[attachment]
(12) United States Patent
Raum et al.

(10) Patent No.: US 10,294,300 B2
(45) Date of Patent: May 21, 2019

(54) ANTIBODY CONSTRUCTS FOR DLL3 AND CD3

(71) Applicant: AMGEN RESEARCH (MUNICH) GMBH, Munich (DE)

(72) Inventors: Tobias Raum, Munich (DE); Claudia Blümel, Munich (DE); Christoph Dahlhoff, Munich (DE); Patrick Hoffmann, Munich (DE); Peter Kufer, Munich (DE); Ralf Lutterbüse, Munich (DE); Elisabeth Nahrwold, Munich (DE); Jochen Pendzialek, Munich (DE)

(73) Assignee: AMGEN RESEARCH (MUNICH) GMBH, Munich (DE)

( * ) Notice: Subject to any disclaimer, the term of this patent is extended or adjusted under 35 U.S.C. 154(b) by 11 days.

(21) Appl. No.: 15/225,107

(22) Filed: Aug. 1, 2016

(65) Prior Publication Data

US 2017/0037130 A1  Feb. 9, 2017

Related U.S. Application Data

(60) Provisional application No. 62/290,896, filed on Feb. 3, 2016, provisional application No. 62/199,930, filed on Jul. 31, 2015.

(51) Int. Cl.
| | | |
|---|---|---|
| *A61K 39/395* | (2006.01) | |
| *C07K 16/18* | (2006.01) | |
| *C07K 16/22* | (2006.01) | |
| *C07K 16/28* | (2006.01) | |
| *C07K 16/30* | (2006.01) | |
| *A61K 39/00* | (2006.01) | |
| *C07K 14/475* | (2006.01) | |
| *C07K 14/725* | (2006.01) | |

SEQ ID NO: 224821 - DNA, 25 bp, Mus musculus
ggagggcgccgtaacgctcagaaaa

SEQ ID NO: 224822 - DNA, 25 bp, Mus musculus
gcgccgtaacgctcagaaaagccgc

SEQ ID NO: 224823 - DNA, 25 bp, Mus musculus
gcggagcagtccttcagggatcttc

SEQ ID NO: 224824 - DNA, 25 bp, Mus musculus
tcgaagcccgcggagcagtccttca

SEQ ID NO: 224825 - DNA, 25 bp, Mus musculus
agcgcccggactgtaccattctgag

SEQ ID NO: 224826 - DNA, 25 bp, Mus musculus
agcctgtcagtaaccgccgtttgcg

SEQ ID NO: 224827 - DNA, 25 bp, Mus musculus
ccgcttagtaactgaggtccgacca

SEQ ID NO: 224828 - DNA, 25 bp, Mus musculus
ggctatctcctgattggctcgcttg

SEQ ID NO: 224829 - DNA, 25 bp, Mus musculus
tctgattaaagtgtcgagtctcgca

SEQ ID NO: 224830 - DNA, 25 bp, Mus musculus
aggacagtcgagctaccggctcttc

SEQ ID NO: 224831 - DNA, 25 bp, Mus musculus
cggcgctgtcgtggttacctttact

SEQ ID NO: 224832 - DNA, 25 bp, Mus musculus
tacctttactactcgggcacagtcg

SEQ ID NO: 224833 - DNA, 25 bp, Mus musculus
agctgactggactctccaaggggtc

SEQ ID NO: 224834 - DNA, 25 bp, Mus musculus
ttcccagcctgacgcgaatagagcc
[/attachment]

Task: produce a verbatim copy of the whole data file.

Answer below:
(12) United States Patent
Raum et al.

(10) Patent No.: US 10,294,300 B2
(45) Date of Patent: May 21, 2019

(54) ANTIBODY CONSTRUCTS FOR DLL3 AND CD3

(71) Applicant: AMGEN RESEARCH (MUNICH) GMBH, Munich (DE)

(72) Inventors: Tobias Raum, Munich (DE); Claudia Blümel, Munich (DE); Christoph Dahlhoff, Munich (DE); Patrick Hoffmann, Munich (DE); Peter Kufer, Munich (DE); Ralf Lutterbüse, Munich (DE); Elisabeth Nahrwold, Munich (DE); Jochen Pendzialek, Munich (DE)

(73) Assignee: AMGEN RESEARCH (MUNICH) GMBH, Munich (DE)

( * ) Notice: Subject to any disclaimer, the term of this patent is extended or adjusted under 35 U.S.C. 154(b) by 11 days.

(21) Appl. No.: 15/225,107

(22) Filed: Aug. 1, 2016

(65) Prior Publication Data

US 2017/0037130 A1  Feb. 9, 2017

Related U.S. Application Data

(60) Provisional application No. 62/290,896, filed on Feb. 3, 2016, provisional application No. 62/199,930, filed on Jul. 31, 2015.

(51) Int. Cl.
| | | |
|---|---|---|
| *A61K 39/395* | (2006.01) | |
| *C07K 16/18* | (2006.01) | |
| *C07K 16/22* | (2006.01) | |
| *C07K 16/28* | (2006.01) | |
| *C07K 16/30* | (2006.01) | |
| *A61K 39/00* | (2006.01) | |
| *C07K 14/475* | (2006.01) | |
| *C07K 14/725* | (2006.01) | |

SEQ ID NO: 224821 - DNA, 25 bp, Mus musculus
ggagggcgccgtaacgctcagaaaa

SEQ ID NO: 224822 - DNA, 25 bp, Mus musculus
gcgccgtaacgctcagaaaagccgc

SEQ ID NO: 224823 - DNA, 25 bp, Mus musculus
gcggagcagtccttcagggatcttc

SEQ ID NO: 224824 - DNA, 25 bp, Mus musculus
tcgaagcccgcggagcagtccttca

SEQ ID NO: 224825 - DNA, 25 bp, Mus musculus
agcgcccggactgtaccattctgag

SEQ ID NO: 224826 - DNA, 25 bp, Mus musculus
agcctgtcagtaaccgccgtttgcg

SEQ ID NO: 224827 - DNA, 25 bp, Mus musculus
ccgcttagtaactgaggtccgacca

SEQ ID NO: 224828 - DNA, 25 bp, Mus musculus
ggctatctcctgattggctcgcttg

SEQ ID NO: 224829 - DNA, 25 bp, Mus musculus
tctgattaaagtgtcgagtctcgca

SEQ ID NO: 224830 - DNA, 25 bp, Mus musculus
aggacagtcgagctaccggctcttc

SEQ ID NO: 224831 - DNA, 25 bp, Mus musculus
cggcgctgtcgtggttacctttact

SEQ ID NO: 224832 - DNA, 25 bp, Mus musculus
tacctttactactcgggcacagtcg

SEQ ID NO: 224833 - DNA, 25 bp, Mus musculus
agctgactggactctccaaggggtc

SEQ ID NO: 224834 - DNA, 25 bp, Mus musculus
ttcccagcctgacgcgaatagagcc